2,4,5-Trichlorophenoxyacetic acid (2,4,5-T), a synthetic auxin, is a chlorophenoxy acetic acid herbicide used to defoliate broad-leafed plants. It was developed in the late 1940s and was widely used in the agricultural industry until being phased out, starting in the late 1970s due to toxicity concerns. Agent Orange, a defoliant used by the U.S. in the Vietnam War, was equal parts 2,4,5-T and 2,4-D.
2,4,5-T itself is of only moderate toxicity, with oral LD50 of 389 mg/kg in mice and 500 mg/kg in rats. However, the manufacturing process for 2,4,5-T contaminates this chemical with trace amounts of 2,3,7,8-tetrachlorodibenzo-p-dioxin (TCDD). TCDD is reported to be extremely toxic to humans. With proper temperature control during production of 2,4,5-T, TCDD levels can be held to about .005 ppm. Before the TCDD risk was well-understood, early production facilities lacked proper temperature controls and individual batches tested later were found to have as much as 60 ppm of TCDD.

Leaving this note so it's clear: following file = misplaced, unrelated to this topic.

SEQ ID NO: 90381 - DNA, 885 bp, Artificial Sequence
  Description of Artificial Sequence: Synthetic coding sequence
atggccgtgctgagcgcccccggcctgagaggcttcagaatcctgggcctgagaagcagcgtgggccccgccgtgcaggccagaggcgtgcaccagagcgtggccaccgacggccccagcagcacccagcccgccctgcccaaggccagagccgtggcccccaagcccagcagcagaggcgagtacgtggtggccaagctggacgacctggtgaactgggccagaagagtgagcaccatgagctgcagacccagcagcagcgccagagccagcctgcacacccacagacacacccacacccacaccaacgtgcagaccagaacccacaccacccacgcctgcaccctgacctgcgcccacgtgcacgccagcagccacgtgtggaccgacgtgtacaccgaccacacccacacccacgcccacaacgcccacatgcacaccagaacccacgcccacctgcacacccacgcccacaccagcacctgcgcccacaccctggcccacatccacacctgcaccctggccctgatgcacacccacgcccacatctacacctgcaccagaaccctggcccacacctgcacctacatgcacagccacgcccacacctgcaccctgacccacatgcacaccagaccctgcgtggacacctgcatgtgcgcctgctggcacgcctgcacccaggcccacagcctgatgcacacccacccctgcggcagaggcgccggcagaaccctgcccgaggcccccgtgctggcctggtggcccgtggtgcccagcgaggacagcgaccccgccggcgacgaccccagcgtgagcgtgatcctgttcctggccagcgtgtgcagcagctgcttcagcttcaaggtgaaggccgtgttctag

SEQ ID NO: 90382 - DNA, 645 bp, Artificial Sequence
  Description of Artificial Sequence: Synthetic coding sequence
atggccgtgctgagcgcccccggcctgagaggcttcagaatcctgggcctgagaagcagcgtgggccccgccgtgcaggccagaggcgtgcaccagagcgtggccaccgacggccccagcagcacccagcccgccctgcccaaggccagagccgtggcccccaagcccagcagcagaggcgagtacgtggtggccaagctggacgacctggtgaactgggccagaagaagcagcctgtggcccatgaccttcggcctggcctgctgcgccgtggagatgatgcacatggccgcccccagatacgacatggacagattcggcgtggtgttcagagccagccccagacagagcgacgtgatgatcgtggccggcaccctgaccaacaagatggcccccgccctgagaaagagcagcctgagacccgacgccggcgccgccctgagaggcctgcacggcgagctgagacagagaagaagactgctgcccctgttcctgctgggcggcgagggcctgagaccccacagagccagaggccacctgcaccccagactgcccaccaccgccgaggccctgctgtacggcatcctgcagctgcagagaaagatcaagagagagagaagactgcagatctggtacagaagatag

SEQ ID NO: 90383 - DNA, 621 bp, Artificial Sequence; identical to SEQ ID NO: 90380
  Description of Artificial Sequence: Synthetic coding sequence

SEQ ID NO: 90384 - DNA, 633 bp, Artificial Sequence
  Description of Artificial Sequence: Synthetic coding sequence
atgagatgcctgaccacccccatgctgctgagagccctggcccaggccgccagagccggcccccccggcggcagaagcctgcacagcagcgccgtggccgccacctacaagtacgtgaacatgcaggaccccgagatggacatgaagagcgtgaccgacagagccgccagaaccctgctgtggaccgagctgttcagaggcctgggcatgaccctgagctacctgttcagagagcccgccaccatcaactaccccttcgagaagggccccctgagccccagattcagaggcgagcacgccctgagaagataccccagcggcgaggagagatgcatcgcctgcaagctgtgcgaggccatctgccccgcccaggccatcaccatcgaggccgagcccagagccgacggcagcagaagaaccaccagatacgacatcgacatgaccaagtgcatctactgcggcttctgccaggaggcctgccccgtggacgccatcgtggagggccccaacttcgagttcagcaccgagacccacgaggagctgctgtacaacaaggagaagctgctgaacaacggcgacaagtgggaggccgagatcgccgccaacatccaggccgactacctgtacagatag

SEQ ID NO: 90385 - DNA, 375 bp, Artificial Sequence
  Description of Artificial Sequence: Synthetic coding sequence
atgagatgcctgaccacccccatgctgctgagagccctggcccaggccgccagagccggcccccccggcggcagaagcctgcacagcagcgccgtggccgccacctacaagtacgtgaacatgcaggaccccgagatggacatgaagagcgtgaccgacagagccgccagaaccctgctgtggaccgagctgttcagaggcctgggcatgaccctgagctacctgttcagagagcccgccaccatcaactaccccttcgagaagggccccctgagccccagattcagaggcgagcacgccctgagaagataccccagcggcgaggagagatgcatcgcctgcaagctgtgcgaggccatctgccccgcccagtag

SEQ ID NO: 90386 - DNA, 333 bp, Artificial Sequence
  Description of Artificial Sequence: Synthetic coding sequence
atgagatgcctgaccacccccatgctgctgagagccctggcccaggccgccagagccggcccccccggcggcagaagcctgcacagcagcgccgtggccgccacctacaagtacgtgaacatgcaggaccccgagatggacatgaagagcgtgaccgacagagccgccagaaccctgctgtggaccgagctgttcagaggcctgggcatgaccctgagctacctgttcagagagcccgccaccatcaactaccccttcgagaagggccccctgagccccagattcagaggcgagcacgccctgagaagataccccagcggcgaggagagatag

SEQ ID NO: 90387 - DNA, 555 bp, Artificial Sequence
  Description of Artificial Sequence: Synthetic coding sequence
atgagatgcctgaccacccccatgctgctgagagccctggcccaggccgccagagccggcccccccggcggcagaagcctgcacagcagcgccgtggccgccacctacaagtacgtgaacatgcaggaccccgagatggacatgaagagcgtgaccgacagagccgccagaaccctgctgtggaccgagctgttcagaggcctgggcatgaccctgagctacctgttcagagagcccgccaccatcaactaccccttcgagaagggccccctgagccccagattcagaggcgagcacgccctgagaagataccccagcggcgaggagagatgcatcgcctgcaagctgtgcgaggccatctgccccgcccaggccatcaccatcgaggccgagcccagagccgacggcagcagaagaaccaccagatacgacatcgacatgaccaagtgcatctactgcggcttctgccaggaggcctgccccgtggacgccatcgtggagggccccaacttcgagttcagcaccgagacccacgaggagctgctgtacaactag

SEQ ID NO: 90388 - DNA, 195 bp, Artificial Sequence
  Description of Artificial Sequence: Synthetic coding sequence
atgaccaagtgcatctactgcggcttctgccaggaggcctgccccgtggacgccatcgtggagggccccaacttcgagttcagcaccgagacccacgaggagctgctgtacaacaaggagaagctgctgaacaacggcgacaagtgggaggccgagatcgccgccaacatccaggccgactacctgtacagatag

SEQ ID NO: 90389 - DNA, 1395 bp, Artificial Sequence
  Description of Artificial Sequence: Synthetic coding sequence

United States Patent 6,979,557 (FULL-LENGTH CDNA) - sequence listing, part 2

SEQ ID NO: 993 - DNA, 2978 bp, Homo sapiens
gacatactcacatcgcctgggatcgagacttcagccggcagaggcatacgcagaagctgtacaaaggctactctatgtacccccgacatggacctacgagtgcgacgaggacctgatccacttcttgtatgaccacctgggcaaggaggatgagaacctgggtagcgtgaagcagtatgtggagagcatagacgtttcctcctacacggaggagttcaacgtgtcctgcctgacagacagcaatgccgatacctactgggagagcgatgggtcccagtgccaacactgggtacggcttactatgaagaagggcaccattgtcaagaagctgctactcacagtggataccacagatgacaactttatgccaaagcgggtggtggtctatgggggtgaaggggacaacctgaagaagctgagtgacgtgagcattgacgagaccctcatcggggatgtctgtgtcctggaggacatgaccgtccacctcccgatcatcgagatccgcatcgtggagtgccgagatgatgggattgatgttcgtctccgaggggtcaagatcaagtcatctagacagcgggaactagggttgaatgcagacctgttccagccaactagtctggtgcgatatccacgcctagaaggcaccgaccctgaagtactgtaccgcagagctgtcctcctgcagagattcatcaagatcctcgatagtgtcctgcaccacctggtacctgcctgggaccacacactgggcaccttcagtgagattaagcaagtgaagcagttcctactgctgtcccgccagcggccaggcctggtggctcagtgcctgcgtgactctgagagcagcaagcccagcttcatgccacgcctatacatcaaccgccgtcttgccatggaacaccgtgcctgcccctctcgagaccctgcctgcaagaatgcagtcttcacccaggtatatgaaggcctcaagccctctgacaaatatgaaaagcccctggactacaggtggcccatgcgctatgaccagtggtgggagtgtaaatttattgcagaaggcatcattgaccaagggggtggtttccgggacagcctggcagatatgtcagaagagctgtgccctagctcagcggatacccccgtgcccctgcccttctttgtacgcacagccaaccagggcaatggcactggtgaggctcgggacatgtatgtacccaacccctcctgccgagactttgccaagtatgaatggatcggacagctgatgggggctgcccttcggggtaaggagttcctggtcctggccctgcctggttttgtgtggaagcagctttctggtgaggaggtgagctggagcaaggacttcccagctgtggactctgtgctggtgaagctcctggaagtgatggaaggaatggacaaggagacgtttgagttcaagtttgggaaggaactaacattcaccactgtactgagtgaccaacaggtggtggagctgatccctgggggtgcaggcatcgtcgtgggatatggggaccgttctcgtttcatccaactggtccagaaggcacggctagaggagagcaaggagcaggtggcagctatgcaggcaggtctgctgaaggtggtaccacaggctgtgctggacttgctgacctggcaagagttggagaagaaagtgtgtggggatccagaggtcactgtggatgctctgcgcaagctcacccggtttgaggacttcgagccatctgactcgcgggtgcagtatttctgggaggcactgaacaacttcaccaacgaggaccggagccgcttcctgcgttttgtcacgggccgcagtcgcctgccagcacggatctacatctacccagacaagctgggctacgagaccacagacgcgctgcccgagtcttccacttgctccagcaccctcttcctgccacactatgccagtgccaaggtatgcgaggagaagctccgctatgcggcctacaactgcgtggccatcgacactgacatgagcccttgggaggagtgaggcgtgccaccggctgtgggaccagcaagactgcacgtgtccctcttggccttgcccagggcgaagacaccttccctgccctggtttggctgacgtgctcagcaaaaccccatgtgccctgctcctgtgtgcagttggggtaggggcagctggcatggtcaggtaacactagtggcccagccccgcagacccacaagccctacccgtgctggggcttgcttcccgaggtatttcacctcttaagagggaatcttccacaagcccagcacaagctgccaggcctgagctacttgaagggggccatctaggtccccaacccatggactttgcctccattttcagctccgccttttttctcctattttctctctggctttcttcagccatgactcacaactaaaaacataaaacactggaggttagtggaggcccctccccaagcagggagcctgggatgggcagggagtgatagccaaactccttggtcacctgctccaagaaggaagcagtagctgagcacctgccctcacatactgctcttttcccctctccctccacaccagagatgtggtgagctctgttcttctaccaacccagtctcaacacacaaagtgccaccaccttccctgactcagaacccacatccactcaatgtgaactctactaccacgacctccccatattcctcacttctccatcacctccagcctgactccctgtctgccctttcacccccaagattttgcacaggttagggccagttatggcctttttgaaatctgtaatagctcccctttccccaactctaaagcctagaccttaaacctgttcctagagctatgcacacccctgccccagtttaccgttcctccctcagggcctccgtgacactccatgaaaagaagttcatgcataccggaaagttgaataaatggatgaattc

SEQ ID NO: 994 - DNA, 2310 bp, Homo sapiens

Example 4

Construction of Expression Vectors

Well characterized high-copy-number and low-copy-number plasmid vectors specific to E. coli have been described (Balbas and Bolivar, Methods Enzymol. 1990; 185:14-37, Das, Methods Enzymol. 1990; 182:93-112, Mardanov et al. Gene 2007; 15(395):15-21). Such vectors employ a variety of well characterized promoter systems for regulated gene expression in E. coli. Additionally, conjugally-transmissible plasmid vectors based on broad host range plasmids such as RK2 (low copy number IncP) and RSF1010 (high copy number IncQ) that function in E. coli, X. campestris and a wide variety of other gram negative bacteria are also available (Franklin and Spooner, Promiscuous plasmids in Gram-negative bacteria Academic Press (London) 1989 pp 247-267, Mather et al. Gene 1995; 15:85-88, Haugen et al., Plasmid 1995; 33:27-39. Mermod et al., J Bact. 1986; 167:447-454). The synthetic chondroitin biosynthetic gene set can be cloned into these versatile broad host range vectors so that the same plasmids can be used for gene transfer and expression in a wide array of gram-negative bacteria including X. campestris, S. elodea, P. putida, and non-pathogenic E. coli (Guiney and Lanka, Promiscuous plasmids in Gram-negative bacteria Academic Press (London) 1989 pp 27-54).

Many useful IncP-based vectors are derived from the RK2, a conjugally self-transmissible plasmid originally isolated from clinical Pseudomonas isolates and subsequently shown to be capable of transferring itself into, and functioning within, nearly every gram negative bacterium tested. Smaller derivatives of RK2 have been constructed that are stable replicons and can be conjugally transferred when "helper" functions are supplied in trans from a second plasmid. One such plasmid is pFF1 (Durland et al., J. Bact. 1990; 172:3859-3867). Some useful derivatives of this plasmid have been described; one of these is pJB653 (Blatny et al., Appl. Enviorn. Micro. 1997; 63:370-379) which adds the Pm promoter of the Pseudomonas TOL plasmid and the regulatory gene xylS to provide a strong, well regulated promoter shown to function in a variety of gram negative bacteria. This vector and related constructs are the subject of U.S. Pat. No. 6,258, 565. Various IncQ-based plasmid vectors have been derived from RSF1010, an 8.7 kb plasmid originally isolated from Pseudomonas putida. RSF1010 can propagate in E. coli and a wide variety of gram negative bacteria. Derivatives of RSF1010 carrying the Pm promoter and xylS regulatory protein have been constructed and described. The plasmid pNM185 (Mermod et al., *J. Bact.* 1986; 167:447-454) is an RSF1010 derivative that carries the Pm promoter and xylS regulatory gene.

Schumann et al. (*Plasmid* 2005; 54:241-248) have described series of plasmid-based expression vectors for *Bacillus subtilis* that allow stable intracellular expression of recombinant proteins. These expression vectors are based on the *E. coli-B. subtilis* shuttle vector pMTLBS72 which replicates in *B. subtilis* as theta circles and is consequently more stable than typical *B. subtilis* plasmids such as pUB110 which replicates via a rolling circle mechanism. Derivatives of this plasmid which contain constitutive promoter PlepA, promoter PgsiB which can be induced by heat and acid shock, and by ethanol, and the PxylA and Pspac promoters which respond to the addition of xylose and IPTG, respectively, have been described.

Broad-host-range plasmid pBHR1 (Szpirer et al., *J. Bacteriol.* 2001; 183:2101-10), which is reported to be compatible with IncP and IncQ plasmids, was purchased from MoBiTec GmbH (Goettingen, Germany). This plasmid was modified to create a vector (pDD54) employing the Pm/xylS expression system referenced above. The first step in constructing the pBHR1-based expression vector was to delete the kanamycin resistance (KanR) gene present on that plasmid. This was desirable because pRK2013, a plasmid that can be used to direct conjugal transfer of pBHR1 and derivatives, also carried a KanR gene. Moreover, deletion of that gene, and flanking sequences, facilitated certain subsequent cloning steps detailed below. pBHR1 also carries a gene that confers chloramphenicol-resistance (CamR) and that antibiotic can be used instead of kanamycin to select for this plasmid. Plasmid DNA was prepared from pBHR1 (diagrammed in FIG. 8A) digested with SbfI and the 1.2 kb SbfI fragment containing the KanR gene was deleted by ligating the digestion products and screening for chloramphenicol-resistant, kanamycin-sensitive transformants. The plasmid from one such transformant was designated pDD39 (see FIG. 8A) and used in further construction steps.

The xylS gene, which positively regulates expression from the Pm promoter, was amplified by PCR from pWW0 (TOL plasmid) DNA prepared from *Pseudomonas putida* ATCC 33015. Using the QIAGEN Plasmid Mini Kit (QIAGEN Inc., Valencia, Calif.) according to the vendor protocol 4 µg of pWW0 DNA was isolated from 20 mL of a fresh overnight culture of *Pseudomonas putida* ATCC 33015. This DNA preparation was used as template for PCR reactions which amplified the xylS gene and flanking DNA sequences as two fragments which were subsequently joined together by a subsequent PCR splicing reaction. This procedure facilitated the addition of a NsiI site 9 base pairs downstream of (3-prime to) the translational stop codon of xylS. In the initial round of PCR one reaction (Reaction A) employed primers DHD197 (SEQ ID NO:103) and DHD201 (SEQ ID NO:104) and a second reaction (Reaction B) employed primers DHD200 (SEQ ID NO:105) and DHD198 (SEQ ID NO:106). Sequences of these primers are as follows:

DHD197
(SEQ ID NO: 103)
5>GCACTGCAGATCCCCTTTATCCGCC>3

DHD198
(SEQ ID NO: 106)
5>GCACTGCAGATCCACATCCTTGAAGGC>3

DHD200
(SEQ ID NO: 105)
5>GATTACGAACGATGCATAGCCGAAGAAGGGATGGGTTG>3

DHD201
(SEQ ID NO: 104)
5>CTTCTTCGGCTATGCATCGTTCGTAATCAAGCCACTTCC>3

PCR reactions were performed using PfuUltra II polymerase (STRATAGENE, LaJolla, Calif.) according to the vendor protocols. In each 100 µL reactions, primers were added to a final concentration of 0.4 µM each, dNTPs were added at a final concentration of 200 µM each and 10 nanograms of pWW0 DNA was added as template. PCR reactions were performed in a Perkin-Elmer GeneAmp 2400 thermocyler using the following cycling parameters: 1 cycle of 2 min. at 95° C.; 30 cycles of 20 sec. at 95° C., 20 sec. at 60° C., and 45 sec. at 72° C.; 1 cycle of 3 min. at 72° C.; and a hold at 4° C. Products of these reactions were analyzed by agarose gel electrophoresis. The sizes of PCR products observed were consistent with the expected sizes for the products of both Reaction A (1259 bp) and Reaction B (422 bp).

In 1970 the United States Department of Agriculture halted the use of 2,4,5-T on all food crops except rice, and in 1985, the EPA terminated all remaining uses in the US of this herbicide. The international trade of 2,4,5-T is restricted by the Rotterdam Convention. 2,4,5-T has since largely been replaced by dicamba and triclopyr.
Apart from agricultural uses, 2,4,5-T was also a major ingredient in Agent Orange, a herbicide blend used by the U.S. military in Vietnam between January 1965 and April 1970 as a defoliant. Because of TCDD contamination in the 2,4,5-T component, it has been blamed for serious illnesses in many veterans who were exposed to it. Agent Orange often had much higher levels of TCDD than 2,4,5-T used in the US.